I'm with you on the appalling condition of the properties. But what's the alternative. Renovate them at raise rents, or (if you can) convert to condos and drive out everyone with normal jobs. Is that what you want?
Posted by Jim Thurber, a resident of the Shoreline West neighborhood, on Jul 30, 2007 at 10:03 am
As a school teacher I am very close to being priced out of the area -- and that includes rental prices. A living solution for lower paid residents isn't an easy one but shouldn't be forgotten in the (unrestrained) rise in the cost of living in the Bay Area.
Posted by MrSaito, a resident of another community, on Jul 31, 2007 at 7:34 pm
Wow! How Googlelicious! Very soon now even the most modest of shacks will be worth $1.5 million dollars; it's inevitable. Mountain View just can not be stopped. It is truly immune to all that ails the rest of the Bay Area housing market. I love Mountain View! Even though it does have 3 superfund sites, but that just makes it more unique and special of a place. Now that it has been anointed with a Whole Foods store it is truly blessed and poised for further price appreciations - Goooooo MV!
Posted by Greg, a resident of the Castro City neighborhood, on Aug 6, 2007 at 3:04 pm
I have been a Mtn. View resident since the 1970's and served on the original downtown revitalization committee. For those who don't remember, (or weren't born yet), the downtown used to be a pretty dreadful place, a collection of stinky, run-down whiskey bars and shady-looking card clubs. The transformation that has taken place over the last 30 years is precisly what the committee envisioned happening back then, only even better. Naturally, I didn't forsee that the $60K homes in the city core would someday be selling for over $1M (wish I had), but Mtn. View didn't get to be the vibrant and attractive "place to be" that it is now by accident. Every step of the way, it was carefully thought out, and executed via a master plan. Much credit is due the Council Members, Committee Members, and City Staff who found against sometimes tremendous opposition to turn this city into the beautiful (and much envied) community that it is today. Sure the housing prices have skyrocketed, but that's been true all over the Bay Area. At least here in Mtn. View, your money buys you more than a house or condo. It buys you a piece of true community, and that- as the credit card commercial says- is "priceless"!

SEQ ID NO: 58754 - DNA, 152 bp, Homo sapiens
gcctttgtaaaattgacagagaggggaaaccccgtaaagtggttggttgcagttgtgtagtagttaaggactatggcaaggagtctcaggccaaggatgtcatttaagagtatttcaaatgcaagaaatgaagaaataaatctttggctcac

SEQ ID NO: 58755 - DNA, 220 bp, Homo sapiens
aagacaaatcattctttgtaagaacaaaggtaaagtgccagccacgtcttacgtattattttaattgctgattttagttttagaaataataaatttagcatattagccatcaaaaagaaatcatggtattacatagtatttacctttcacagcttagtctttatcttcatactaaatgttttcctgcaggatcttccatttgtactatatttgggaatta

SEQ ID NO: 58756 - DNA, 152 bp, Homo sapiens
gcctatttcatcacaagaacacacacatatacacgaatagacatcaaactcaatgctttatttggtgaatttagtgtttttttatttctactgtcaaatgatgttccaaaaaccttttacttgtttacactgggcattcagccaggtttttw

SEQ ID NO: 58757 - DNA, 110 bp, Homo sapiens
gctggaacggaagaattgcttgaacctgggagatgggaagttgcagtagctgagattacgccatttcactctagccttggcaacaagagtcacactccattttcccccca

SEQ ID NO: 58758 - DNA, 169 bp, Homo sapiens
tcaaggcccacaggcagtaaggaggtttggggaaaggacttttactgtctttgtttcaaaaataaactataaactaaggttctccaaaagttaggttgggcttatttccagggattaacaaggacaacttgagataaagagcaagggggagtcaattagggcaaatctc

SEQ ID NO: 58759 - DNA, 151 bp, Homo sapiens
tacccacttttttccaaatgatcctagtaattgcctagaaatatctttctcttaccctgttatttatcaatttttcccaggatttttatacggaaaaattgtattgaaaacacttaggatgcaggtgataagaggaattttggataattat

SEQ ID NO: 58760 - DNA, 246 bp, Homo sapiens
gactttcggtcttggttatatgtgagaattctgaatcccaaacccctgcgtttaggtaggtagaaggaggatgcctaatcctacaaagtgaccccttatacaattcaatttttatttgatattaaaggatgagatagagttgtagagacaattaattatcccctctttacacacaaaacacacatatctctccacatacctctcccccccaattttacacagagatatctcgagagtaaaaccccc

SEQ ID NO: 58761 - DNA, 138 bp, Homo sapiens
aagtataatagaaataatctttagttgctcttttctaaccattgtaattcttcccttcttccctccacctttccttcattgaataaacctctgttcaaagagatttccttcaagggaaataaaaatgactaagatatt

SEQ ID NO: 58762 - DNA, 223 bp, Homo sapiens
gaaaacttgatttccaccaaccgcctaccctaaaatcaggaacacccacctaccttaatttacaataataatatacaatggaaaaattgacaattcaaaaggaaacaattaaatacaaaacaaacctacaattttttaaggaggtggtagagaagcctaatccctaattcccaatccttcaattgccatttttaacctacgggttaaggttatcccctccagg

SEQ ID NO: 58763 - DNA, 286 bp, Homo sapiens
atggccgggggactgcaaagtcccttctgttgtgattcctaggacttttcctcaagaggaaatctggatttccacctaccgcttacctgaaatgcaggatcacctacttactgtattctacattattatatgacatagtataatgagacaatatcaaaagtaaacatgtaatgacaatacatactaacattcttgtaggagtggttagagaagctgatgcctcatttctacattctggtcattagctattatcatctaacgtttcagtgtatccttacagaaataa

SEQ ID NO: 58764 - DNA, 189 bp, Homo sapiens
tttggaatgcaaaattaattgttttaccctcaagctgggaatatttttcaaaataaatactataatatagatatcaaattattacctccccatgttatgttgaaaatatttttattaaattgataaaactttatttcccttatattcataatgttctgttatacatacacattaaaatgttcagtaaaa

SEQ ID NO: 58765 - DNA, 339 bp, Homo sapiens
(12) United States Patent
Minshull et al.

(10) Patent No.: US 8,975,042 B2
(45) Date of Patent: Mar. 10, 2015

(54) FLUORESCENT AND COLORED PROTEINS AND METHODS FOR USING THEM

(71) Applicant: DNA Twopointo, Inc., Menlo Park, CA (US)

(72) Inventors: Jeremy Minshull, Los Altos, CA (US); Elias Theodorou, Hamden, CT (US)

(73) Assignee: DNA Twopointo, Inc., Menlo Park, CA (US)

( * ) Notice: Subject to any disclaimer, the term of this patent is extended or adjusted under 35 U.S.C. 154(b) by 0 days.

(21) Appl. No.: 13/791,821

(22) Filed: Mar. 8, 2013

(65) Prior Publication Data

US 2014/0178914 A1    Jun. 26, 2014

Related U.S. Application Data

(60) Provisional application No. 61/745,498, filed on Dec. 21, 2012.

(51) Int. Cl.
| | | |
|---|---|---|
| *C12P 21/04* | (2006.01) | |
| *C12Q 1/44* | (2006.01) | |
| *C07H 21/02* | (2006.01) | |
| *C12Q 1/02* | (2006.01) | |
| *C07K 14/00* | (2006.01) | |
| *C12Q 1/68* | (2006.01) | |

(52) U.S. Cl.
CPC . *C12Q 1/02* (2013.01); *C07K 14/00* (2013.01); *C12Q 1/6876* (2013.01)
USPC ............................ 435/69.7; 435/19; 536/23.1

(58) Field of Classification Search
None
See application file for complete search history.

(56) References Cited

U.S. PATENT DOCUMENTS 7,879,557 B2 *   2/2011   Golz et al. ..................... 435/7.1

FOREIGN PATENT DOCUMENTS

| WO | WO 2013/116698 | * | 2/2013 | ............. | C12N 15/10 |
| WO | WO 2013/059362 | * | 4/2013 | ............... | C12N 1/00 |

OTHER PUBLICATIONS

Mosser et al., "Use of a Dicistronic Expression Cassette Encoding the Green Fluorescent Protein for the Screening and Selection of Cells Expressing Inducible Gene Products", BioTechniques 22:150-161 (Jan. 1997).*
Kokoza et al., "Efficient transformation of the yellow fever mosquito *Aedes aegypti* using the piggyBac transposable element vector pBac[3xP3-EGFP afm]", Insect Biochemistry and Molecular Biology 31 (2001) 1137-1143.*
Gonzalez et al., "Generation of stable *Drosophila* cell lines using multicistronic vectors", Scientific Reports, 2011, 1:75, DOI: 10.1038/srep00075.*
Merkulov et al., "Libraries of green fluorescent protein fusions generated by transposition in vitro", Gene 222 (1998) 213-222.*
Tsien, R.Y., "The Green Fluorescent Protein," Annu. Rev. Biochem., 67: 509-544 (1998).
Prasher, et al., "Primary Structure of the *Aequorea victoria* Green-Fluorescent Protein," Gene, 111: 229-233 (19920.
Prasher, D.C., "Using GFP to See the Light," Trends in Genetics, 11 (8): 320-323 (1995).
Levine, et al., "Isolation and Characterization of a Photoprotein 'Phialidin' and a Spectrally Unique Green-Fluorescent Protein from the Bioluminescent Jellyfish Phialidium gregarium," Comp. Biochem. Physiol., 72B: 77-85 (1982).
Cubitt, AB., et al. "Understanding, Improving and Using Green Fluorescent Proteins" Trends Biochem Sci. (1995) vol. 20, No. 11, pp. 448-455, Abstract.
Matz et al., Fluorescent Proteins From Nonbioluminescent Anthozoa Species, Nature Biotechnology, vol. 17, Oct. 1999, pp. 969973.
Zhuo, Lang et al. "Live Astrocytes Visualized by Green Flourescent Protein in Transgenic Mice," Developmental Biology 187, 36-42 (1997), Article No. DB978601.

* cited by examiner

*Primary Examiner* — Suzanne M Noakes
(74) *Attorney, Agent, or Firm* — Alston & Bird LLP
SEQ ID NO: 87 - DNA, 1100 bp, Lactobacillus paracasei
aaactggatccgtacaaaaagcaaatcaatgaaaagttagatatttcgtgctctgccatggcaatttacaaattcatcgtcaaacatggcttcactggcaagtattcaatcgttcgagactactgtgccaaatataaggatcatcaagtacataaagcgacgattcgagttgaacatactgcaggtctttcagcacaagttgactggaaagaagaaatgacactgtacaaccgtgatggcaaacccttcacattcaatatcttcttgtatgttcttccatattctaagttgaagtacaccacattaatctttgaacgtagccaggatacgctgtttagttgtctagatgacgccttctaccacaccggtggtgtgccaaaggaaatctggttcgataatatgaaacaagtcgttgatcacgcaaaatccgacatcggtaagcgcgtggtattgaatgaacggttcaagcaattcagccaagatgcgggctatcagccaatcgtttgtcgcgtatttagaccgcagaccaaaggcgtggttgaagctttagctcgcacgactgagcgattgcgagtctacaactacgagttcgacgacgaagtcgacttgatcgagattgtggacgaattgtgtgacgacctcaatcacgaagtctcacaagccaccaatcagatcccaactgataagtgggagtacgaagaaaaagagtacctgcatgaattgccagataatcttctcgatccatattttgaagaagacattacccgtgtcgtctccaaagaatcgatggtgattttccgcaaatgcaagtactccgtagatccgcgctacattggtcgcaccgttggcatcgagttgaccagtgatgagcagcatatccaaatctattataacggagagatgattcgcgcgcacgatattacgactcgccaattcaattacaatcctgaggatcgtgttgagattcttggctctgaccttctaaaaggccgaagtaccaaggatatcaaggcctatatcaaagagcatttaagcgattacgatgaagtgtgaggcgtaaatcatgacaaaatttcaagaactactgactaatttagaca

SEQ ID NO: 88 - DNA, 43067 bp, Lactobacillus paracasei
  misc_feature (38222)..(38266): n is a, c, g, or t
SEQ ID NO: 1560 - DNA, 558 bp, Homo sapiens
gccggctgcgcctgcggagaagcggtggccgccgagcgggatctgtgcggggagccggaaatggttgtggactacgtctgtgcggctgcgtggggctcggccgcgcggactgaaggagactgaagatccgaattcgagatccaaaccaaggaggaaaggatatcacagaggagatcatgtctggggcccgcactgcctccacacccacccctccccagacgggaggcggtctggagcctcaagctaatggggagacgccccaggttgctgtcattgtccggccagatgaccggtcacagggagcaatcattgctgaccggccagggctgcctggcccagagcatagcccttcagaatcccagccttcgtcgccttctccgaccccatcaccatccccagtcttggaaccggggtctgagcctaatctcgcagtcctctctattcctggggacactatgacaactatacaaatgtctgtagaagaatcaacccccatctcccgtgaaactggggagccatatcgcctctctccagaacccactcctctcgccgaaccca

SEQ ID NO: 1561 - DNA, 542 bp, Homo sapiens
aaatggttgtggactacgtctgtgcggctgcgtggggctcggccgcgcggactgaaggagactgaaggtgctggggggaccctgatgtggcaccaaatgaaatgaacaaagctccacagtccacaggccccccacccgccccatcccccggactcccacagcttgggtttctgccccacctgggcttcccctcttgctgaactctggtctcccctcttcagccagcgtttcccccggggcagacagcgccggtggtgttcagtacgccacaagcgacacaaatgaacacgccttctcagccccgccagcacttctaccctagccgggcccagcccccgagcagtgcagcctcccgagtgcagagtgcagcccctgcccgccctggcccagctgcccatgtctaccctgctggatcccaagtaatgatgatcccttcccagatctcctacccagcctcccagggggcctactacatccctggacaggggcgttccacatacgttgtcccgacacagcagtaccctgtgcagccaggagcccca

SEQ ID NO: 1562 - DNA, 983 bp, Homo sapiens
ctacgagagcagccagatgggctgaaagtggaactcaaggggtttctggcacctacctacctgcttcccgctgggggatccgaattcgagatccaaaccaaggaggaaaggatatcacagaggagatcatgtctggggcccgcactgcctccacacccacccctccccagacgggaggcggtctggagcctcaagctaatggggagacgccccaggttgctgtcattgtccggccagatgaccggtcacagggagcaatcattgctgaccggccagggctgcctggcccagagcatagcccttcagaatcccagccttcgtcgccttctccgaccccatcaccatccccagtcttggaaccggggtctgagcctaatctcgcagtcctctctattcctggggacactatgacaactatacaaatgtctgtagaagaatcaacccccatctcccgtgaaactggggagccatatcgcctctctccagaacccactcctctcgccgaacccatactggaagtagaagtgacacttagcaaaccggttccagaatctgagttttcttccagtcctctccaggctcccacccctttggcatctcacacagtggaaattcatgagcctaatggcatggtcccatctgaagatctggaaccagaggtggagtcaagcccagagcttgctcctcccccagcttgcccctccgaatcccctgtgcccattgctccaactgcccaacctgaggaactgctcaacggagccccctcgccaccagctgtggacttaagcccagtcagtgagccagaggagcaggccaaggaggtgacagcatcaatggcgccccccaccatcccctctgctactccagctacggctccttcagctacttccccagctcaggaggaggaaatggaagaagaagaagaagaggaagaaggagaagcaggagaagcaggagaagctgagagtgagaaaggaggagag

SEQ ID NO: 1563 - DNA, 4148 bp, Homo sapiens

Posted by eric, a resident of another community, on Mar 24, 2009 at 10:36 pm
Greg Perry doesnt know what he's talking about. Home sales in surrounding communities are off. If job growth in MV were the driver, that would not be the case. Office vacancies are up in MV, so job growth seems unlikely (and it seems that Perry would like to take credit for the percieved growth, but I dont think he works in business development for Google). Stength only in small defined markets would not come from factors that would influence the region.
Its the schools and the community. I hope that Greg Perry doesnt get in a position again to turn MV into a high density traffic nightmare, instead of the very desirable, livable city that it is now.